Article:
If you are a girl or a woman who has had periods before, it is likely that by now you have knowingly or unknowingly encountered a menstrual myth. Menstrual myths are (mis)beliefs and taboos related to menstruation that are followed for reasons that have no scientific basis to them. But how did these myths originate? Earlier in the absence of scientific methods, the only way to unravel this mysterious phenomenon called menstruation was to draw deductions from what is externally observed and experienced during this process. Causes and effects of menstruation were falsely perceived based on such observations like periodic shedding of blood from the private parts of the females which is sometimes accompanied by pain and sickness. For the primitive society a combination of blood and pain suggested danger against which proper precautions must be taken. These falsely perceived causes and effects of menstruation and exaggerated precautions against falsely perceived dangers of menstruation have over the time led to the various myths around the subject and contributed towards the taboo nature of it.
There are many different kinds of menstrual myths followed in different communities around the world. Following are some of the myths related to menstruation and how they have been deduced from the observations and experiences related to menstruation.
In primitive times, menstrual myths were such that they empowered the status of a woman in the society. Due to a visible correlation between the menstrual cycles (which were then a mysterious phenomenon) and the cycles of moon, it was believed that menstruating women poses cosmic powers to control the elements of nature like sun, moon, climate and seasons. Menstrual blood was considered so powerful, magical and even dangerous that each of the primitive societies developed their own version of taboos and myths related to menstruation and made it concrete and unquestionable so that it passes from one generation to next unhindered. Majority of menstrual myths that have survived till date deem menstruating women impure and even a threat to well being of others. Such a degrading outlook towards women only goes on to suggest a backward and outdated value system that would do more harm than good to the society.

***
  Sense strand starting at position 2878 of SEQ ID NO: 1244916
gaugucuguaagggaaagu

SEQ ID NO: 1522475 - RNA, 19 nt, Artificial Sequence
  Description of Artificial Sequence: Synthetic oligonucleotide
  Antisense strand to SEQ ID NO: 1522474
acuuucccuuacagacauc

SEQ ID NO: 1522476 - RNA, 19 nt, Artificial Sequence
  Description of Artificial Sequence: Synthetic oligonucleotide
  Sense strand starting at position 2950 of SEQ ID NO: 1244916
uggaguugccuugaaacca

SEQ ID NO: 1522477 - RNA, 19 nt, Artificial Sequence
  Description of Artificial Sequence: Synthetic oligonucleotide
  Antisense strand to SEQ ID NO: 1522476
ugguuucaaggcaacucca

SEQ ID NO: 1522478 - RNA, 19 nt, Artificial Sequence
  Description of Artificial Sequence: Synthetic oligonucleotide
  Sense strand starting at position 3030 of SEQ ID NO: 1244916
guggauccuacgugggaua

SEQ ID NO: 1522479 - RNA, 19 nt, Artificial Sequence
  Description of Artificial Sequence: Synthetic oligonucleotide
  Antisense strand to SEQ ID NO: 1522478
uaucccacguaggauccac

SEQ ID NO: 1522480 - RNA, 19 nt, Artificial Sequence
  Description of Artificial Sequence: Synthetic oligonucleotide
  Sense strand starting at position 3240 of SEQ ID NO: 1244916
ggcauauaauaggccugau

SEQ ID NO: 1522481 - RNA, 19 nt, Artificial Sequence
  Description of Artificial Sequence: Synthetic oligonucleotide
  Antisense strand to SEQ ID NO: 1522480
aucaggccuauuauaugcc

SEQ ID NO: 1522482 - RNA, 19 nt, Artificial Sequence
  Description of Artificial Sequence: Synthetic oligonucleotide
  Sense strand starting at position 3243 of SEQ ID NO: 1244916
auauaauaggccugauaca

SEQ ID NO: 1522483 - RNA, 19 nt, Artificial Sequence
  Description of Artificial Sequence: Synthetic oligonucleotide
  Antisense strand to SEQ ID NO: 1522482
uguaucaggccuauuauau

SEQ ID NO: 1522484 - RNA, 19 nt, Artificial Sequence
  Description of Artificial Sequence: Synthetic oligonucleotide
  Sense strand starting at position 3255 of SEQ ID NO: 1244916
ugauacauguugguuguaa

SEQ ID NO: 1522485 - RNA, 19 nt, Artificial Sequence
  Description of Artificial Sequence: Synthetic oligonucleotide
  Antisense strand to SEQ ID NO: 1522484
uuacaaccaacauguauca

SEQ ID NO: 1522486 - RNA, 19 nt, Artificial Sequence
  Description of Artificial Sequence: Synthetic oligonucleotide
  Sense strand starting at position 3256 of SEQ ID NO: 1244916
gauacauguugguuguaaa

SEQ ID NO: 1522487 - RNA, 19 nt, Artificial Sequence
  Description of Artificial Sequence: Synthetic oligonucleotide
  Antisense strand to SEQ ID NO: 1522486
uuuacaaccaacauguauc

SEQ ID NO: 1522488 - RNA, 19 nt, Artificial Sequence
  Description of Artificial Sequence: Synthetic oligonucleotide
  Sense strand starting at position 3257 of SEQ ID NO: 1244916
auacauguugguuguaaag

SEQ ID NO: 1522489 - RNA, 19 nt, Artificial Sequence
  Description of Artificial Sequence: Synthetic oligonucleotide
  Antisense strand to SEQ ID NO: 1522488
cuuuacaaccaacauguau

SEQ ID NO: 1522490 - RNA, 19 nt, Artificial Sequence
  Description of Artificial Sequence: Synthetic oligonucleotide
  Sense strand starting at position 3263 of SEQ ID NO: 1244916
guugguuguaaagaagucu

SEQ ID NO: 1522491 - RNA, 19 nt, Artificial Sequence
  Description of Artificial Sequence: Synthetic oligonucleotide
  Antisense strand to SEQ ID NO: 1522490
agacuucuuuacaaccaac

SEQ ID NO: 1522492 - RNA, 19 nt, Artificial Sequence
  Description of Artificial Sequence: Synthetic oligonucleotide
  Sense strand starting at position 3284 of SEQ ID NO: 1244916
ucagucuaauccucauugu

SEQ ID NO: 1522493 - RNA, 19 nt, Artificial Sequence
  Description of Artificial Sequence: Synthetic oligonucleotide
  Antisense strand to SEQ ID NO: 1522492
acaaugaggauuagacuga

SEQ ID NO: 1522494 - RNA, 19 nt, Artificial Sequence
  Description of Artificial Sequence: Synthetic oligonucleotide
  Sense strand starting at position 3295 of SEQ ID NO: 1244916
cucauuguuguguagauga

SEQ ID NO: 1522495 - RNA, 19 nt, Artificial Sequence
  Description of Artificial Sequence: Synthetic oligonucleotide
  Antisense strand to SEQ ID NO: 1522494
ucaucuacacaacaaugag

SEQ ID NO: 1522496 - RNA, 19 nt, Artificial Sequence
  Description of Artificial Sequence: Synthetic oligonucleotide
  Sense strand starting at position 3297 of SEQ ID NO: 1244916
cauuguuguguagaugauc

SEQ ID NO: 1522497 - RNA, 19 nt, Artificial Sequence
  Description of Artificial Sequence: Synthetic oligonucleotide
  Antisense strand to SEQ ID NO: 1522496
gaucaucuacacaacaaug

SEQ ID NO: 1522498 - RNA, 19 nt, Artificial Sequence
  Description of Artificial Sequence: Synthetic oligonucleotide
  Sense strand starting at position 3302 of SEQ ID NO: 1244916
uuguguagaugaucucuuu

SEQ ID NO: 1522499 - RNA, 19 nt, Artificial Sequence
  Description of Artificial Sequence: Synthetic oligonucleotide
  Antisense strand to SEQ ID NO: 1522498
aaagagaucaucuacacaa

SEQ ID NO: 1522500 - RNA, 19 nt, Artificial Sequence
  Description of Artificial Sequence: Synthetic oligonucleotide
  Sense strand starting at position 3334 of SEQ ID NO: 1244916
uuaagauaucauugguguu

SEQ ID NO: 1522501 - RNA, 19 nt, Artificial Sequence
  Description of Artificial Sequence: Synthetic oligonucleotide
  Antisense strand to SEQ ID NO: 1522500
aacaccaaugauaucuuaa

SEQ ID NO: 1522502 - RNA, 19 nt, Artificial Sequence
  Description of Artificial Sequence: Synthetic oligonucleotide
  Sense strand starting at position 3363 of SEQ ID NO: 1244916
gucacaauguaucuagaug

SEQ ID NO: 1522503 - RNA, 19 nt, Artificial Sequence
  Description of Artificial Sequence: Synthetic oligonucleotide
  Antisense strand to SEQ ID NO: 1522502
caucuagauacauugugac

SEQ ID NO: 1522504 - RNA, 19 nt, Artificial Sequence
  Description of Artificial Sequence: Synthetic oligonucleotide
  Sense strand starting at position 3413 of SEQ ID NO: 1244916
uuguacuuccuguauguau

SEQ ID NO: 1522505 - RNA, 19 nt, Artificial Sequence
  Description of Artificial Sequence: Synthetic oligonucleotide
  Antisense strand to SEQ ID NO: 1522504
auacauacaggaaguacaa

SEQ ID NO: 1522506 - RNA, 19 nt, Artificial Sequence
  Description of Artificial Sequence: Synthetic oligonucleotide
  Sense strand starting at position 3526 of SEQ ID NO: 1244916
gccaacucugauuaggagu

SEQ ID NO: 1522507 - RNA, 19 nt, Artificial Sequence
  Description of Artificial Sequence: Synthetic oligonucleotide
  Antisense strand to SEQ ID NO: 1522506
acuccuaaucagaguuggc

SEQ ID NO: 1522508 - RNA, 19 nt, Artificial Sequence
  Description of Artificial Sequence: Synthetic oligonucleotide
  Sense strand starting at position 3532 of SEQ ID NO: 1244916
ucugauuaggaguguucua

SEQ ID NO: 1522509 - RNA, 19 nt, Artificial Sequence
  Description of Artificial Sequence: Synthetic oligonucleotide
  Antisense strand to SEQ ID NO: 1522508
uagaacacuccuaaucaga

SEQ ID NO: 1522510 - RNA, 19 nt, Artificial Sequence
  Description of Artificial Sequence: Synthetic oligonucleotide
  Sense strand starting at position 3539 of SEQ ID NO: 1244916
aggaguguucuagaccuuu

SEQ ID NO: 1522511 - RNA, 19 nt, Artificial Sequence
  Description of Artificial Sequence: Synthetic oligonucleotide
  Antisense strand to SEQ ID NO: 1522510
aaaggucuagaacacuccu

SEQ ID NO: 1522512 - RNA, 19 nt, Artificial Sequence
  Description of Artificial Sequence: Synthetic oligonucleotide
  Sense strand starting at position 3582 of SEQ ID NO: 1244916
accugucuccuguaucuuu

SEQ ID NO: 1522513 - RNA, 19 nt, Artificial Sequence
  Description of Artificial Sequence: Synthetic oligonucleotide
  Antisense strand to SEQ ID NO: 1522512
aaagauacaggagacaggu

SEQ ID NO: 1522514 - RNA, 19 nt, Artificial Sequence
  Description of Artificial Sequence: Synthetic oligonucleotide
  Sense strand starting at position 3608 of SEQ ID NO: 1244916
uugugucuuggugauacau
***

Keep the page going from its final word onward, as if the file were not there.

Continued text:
Did you know that it wasn’t until the mid 18th century that menstruation was known to be related to ovulation? Scientific experiments to test the factor of “impurity” in menstrual blood were not undertaken until 1920s. It is then understandable that some of the myths our ancestors lived by came to be because of the lack of information regarding what exactly was going on inside our bodies. Yet, despite having known that menstrual fluid is nothing but a harmless mixture of blood, tissues and small amounts of hormones for about a century now, the culture of silence around the subject keeps menstrual myths unquestioned and inviolable.
It is ironic that many of these myths are passed on by the elder female members to the younger female members in a family. It is high time that girls and women stop bearing the stigma; and abstaining from any activity that is allowed for others in general, should be a personal choice and not a compulsion due to a taboo or myth. This is possible only if we as an individual question the rationale behind each and every belief regarding menstruation that we have been following in the name of culture, tradition or taboo and prevent these myths from propagating any further. With our collective efforts we can look forward to a society that holds menstruation as a natural and essential biological process instead of a curse or stigma.
Sharing simple facts: useful information about menstrual health and hygiene (made available by Ministry of Rural development, Govt Of India in collaboration with UNICEF India). Available at: http://www.indiasanitationportal.org/sites/default/files/MHM_Book.pdf.
Academic research conducted by Aditi Gupta (founder, www.menstrupedia.com).
The Curse: A Cultural History of Menstruation By Janice DeLaney, Mary Jane Lupton, Emily Toth
Shaikh, Sa’diyya. 2003. “Family Planning, Contraception, and Abortion in Islam: Undertaking Khalifah in Sacred Rights: The Case for Contraception and Abortion in World Religions, ed. by Daniel C. Maguire. New York, NY: Oxford University Press.